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Discussion Starter #1
I am going to canada for a spring bear hunt in 2003 and am having trouble deciding what to take. The hunt is spot and stalk or over bait. I've got several to choose from, but would like to know what experianced bear hunters would recommend.
My first choice is a .300 wby using 180 or 200 gr noslers or barnes 'X' with a handful of 250 gr barnes originals. What do you guys think?
 

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The Hog Whisperer (Administrator)
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What kind of bear?
 

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Nawth East Moderatah
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If you are in fact going for black bear, how about the 444.

If you wanted a pistol cal., there's always the 454, the 480 or a .45colt loaded HOT
 

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When you consider the cost of the hunt, the time restraints, not knowing the area, all of that points to having a gun that can take any shot offered. The Weatherby will do just that. Do you have one? If not the 300 Win mag will do just as well. I've used both 180's and 200 grain bullets. Both completely penetrated. The 180 was at about 275 yards and the 200 was closer, probably 80 to 100 yards. The problem with the Big Bore levers is trajectory. You will be hunting an area that you aren't familiar with, you don't have any idea of range. Most people, myself included, struggle with accurately judging range. The big 30's take some of that guess work out of the equation. A 30-06 will also do just fine, unless you are hunting Grizzlies, then I'd recommend the big 30 with 200 grain bullets. Whatever you decide, use a good bullet, and have fun.
If you knew you were going to be just hunting over bait, I would then say take the lever.
 

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Nawth East Moderatah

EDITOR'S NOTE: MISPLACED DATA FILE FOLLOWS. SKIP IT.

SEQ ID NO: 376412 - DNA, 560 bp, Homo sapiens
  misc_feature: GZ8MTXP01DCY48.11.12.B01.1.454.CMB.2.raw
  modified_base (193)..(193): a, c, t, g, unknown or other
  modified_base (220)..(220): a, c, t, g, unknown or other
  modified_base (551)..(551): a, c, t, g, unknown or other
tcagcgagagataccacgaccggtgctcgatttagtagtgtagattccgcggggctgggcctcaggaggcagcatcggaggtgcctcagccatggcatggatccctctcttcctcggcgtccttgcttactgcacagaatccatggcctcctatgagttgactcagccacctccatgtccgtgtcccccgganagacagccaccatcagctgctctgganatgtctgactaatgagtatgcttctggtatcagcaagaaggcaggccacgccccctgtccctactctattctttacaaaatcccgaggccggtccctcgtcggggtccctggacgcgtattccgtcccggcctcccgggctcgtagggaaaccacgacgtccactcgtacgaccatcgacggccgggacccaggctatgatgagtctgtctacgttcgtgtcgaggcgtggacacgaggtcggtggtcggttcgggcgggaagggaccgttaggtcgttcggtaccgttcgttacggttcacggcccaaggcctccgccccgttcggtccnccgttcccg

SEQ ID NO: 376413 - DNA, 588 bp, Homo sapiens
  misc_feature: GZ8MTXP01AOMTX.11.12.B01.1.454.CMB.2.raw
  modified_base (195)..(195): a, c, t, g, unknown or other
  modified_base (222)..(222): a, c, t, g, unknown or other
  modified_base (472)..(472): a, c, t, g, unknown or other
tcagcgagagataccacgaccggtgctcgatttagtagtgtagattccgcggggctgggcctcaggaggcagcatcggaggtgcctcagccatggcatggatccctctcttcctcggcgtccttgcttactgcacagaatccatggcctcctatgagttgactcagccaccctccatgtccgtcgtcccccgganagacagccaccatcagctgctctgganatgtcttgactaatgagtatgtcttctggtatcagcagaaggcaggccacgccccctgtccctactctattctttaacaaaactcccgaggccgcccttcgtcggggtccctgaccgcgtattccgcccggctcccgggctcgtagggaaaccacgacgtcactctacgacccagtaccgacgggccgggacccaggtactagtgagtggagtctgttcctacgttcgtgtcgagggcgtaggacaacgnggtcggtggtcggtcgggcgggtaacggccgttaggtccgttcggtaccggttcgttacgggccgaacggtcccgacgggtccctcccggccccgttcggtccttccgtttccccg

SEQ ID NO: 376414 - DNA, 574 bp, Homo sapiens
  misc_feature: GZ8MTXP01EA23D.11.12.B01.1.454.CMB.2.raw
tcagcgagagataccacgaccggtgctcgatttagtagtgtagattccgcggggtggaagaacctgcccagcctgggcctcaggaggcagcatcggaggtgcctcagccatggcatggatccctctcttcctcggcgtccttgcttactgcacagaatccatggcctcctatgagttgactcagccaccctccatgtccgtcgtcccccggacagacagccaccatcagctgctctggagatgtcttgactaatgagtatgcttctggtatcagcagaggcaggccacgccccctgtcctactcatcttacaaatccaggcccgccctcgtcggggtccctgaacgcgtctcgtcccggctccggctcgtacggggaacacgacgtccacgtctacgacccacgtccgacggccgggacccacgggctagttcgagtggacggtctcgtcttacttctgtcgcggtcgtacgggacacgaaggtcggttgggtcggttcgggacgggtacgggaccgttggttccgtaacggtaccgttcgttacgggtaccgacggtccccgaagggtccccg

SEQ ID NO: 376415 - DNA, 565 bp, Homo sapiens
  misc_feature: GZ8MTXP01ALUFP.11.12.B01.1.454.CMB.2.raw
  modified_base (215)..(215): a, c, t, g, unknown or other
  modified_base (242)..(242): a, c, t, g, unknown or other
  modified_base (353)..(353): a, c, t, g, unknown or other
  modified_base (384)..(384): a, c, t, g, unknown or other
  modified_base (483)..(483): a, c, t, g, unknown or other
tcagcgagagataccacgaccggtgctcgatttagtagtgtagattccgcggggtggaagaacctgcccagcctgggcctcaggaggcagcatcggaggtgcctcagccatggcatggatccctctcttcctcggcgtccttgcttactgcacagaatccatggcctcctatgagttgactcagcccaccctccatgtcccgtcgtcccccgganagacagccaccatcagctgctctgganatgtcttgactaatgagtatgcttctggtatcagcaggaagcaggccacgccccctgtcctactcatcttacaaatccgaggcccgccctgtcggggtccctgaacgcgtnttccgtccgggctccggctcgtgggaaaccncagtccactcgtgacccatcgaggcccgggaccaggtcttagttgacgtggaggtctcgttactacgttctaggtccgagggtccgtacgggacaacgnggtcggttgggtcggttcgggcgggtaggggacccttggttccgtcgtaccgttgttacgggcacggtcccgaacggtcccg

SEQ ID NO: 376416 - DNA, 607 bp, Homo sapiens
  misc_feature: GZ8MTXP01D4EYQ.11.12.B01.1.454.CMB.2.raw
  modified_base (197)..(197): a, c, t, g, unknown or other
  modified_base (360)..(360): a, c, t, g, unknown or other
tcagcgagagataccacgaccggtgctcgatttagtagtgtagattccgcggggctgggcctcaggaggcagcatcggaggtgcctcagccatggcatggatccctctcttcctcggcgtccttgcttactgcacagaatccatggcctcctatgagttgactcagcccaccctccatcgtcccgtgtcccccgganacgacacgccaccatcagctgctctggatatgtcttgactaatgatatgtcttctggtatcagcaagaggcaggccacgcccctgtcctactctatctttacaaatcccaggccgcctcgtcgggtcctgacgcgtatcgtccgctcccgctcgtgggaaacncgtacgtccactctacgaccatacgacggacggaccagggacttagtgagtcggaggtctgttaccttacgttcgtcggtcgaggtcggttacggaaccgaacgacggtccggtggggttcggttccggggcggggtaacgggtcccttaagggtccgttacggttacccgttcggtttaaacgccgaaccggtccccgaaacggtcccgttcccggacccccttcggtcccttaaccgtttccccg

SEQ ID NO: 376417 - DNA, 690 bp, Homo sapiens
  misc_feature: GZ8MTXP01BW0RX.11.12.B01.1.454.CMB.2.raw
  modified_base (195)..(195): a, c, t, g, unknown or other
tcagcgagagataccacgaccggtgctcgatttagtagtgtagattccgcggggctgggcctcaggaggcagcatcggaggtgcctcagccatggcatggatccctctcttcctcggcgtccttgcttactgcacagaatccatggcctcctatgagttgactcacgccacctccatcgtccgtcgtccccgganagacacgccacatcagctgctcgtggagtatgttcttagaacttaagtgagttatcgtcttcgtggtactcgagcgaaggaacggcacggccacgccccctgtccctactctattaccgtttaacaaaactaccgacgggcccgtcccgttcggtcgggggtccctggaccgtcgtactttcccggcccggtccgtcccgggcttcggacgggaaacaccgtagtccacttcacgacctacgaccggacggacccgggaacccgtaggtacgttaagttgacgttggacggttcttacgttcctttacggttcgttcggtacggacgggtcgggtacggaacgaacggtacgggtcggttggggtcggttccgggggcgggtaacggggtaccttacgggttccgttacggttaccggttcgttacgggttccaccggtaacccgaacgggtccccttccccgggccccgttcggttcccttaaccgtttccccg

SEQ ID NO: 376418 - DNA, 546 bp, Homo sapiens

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Good point about trajectory Joel!!!

I wasn't thinking outside the box on that one! Limited my choice of "Bigguns" on my limited experience in VT.

Chris~:)
 

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Beartooth Regular
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Hi, Rufus:
First, don't even think about bringing a handgun into Kanada. Check out the rest of the details here.
http://www.cfc-ccaf.gc.ca/en/owners_users/fact_sheets/visitin.asp

Actually hunters don't seem to have much of a hassle bringing rifles into Kanada, not near as much as I'd have taking a gun to the States.

I'm a Nosler fan, been one for 30 years. If you're hunting over bait, ranges will be short, for a Weatherby, so I'd go with the 200 grainer. I've got no experience with Barnes Bullets, but it seems that individual rifles either love them or hate them, so it's the old rule of shoot them and see.

Bye
Jack
 

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Discussion Starter #7
O.K. these are black bears that I'm looking to hunt. And yes I know about the penalty for bringing handguns into kanada.
I do have the weatherby and am really leaning towards that,it was purchased through a dealer so there was a 4477 form. I don't want to give the canucks a serial # for any firearm that our government doesn't have. I am also concerned about potential trouble at the border, I don't want to risk an irrelacable firearm to bungling border guard.
 

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Still would use the Weatherby. Average size Black bears are about 250-300 lbs. But a nice one could go 500 lbs, and your shot could be 250 yards. That calls for the Weatherby with a 200 grain Swift A-Frame. The Remington factory loads were very accurate in this bullet in my gun.
 

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For shooting within 150 yards, I'd choose the .45-70 over the .444 Marlin any day. Or the new .450 Marlin. But if you reload, and I presume you do if you're visiting this site, then forget the .450 Marlin and use the .45-70 in the strong Marlin action.
The .444 is severely hampered by bullet weight limitation. It was released at a time (1964) when velocities were everything and its major selling point was its velocity. However, this was with a 240 gr. pistol bullet.
The .444 Marlin is a poor imposter of the .45-70. It pales next to a reloaded .45-70 cartridge in a strong action.
If you don't reload, go with the .450 Marlin. A 400 gr. bullet at 1,800 fps has a lot of penetration and energy.
For longer ranges, the .300 Winchester Magnum would be my choice. Ammo and cases are cheaper and easier to obtain.
Velocity is fine but marksmanship is what really counts here.
A hit in the neck with a .30-30 is better than a hit in the paw with a .300 Whoozit Magnum Whatizdoodle.
Whatever you decide upon practice, practice and practice at ranges out to 250 or 300 yards. Sight in from the benchrest but practice in the prone, kneeling and standing position to best mimic actual hunting conditions.